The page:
34. 1. At Imperial Hotel Tokyo. Was talking in my room #310 on the third floor with Mr. Okamoto and Mr. Takaki of O.+Co. Ltd. here at about 11:55 a.m. when we felt a terrible earthquake. The whole building rocked and trembled, chairs and the beds slid about the room and we were all scared. As soon as the first quake passed we ran for the street. I stopped long enough to lock my door and my trunk. The halls were dark and all the guests were on their way to the street. Plaster was all over the floor in the halls and on the stairs but the building seemed little damaged.
The streets filled fast with frightened people and buildings were down all about us or badly cracked. We get into Mr. O's car and started for Ueno Park where he live....Just about that time a second quake but not as severe came. After arriving at Mr. O's house the fires seemed to cover the whole city. The fires burned all day and all night. Refugees passed his house by the hundred thousand. Most women carrying babies, the men and children carrying great loads of bedding or clothing or pushing a (rickshaw) or some (device) loaded with (household) effects. Probably their entire belongings. THey used part of Mr. O's house as a hospital and treated a great many.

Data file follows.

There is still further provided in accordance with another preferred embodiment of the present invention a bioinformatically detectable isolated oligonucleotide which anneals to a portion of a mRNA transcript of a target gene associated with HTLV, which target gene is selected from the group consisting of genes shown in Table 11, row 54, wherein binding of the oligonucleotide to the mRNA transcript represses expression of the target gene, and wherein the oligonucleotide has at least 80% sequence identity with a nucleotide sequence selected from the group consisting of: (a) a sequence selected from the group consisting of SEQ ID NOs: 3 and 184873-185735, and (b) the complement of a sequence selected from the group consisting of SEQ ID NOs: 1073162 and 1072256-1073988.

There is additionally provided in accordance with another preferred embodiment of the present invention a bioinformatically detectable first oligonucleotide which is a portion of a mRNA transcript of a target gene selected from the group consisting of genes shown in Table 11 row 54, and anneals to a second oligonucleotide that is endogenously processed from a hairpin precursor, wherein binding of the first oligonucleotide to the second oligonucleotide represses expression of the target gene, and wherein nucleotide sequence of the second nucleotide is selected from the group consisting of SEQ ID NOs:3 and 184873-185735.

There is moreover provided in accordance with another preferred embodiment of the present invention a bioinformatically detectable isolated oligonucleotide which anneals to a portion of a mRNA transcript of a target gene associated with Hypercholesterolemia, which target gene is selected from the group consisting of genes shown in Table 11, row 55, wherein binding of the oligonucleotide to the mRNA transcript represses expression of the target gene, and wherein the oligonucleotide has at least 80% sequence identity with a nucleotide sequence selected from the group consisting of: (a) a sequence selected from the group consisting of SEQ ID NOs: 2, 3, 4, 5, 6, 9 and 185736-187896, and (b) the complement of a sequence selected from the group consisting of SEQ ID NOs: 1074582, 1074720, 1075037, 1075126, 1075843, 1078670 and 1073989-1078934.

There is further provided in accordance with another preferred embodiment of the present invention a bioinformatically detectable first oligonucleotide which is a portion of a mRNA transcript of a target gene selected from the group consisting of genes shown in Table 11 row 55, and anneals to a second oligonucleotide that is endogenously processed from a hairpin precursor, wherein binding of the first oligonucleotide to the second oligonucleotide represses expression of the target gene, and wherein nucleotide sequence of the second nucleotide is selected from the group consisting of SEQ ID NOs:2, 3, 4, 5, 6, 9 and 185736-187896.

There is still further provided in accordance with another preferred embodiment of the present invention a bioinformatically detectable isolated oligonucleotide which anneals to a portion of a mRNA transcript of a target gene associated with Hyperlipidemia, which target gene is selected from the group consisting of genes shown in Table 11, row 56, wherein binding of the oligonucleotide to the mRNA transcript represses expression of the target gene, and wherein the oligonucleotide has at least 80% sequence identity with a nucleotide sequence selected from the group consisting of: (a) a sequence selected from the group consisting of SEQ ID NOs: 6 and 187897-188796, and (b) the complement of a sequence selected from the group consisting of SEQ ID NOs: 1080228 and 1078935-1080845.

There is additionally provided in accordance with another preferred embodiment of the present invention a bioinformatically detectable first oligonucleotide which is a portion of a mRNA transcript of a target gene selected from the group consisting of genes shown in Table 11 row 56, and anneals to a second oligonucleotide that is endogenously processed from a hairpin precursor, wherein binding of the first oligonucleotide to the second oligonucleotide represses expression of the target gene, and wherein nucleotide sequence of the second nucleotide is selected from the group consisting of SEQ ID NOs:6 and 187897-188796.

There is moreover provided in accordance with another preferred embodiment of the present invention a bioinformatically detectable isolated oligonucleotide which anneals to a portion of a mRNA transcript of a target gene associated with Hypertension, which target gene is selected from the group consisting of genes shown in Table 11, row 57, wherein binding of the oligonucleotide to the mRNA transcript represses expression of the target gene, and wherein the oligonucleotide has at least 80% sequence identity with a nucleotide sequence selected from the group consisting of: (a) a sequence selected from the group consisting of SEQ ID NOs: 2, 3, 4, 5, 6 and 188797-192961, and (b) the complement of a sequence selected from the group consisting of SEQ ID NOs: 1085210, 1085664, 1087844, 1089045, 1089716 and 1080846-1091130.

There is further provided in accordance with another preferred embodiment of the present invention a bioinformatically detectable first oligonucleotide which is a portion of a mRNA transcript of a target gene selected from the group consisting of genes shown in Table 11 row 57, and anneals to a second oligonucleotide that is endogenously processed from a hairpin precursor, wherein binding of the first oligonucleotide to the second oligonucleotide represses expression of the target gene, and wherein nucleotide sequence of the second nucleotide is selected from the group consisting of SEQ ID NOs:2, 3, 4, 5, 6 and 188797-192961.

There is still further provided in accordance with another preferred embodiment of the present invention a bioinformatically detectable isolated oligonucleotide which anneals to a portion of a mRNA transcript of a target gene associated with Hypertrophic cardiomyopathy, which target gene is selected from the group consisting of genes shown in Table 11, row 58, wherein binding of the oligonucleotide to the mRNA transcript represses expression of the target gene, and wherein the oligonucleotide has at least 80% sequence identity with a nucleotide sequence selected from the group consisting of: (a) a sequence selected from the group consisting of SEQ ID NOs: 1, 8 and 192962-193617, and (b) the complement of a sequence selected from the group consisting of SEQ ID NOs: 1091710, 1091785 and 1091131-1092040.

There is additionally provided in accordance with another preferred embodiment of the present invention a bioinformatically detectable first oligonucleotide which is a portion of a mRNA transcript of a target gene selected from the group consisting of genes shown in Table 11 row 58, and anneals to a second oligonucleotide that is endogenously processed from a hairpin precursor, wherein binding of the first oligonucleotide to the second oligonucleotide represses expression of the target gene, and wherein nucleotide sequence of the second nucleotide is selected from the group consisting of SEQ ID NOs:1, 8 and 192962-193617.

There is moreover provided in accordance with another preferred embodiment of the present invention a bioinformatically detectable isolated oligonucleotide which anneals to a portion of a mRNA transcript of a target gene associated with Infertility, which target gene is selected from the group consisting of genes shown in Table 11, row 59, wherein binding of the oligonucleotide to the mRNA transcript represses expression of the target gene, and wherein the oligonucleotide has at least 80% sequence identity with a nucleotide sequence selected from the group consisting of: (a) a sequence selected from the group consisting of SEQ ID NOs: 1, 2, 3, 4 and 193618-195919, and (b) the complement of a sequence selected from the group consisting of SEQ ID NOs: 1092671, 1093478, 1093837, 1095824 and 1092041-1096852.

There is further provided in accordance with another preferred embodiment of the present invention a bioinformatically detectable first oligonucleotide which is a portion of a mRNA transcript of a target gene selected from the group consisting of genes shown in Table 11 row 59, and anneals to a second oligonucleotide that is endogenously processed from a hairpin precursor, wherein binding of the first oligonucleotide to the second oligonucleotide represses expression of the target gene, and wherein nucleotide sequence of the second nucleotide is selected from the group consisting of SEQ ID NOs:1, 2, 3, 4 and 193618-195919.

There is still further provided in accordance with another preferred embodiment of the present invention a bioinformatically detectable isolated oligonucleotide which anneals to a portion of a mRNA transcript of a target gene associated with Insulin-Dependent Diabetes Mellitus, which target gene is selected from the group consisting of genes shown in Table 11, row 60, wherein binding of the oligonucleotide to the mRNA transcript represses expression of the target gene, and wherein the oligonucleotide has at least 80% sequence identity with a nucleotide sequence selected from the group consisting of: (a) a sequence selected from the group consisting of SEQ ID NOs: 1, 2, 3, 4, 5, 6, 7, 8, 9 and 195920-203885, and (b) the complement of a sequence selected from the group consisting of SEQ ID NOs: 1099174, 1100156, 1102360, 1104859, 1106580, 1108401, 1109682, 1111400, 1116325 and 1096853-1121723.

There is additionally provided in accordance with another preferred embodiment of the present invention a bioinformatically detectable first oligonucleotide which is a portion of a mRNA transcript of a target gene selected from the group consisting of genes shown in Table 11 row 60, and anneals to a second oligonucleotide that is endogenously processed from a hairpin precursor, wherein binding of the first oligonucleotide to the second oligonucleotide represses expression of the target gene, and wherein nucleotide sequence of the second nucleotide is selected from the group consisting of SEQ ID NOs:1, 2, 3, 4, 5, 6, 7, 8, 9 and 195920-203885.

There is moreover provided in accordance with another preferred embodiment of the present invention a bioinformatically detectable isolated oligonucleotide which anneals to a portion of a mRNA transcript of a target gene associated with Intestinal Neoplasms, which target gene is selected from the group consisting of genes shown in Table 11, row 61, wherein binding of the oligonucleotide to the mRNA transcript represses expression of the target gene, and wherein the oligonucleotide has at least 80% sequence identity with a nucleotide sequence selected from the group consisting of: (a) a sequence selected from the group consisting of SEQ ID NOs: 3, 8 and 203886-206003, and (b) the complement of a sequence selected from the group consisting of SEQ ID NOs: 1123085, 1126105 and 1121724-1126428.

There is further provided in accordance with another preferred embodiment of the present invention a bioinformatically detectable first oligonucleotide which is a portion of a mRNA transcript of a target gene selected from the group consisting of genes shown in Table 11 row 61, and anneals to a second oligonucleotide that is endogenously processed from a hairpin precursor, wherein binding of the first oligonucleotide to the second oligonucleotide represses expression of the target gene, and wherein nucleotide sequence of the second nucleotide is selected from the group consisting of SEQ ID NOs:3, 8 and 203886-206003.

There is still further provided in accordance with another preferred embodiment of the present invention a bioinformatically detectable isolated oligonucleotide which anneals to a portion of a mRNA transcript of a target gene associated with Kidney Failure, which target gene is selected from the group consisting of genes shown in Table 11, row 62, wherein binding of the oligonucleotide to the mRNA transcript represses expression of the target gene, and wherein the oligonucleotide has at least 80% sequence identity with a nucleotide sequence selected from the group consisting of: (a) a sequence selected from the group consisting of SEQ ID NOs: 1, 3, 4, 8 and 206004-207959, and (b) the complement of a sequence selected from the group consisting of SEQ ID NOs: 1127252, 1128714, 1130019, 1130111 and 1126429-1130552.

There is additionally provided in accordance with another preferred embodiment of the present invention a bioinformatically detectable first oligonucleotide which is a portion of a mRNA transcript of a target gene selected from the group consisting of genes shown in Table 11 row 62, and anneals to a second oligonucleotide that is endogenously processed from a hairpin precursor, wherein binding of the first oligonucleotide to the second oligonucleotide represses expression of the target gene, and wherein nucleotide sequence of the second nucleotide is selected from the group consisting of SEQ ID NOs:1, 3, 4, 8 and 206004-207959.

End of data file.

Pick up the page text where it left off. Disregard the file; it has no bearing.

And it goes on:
One man arrived who was caught on a bridge as which the fire was burning and before he could get across because of the crowds ahead fires burst out ahead of him and he lost his mother, his wife and four children-the youngest a little boy who died of suffocation on his daddy's back.
Another woman and four small children arrived for treatment. She had left home with the young ones as her husband was at work at the time of the quake. She reached another bridge and tried for hours to get across but the passage was blocked by sick and the dying or dead and she finally resigned herself to die in the fast approaching flames. She huddled all the little ones around her telling them that they might better all go together. So this little group sat together awaiting the end when a man finally helped them and they got over the bridge and up to Ueno Park, where thousands and thousands were camped.
We waited--such a strain. I could not understand just what they were saying and kept thinking of my loved ones at home whom I had not seen for so long, and might never see again. In about half an hour word came that the fire was under control, but it looked far from under control.
1. What descriptions from Blauvelt's diary give you a sense of the seriousness of the earthquake's aftermath?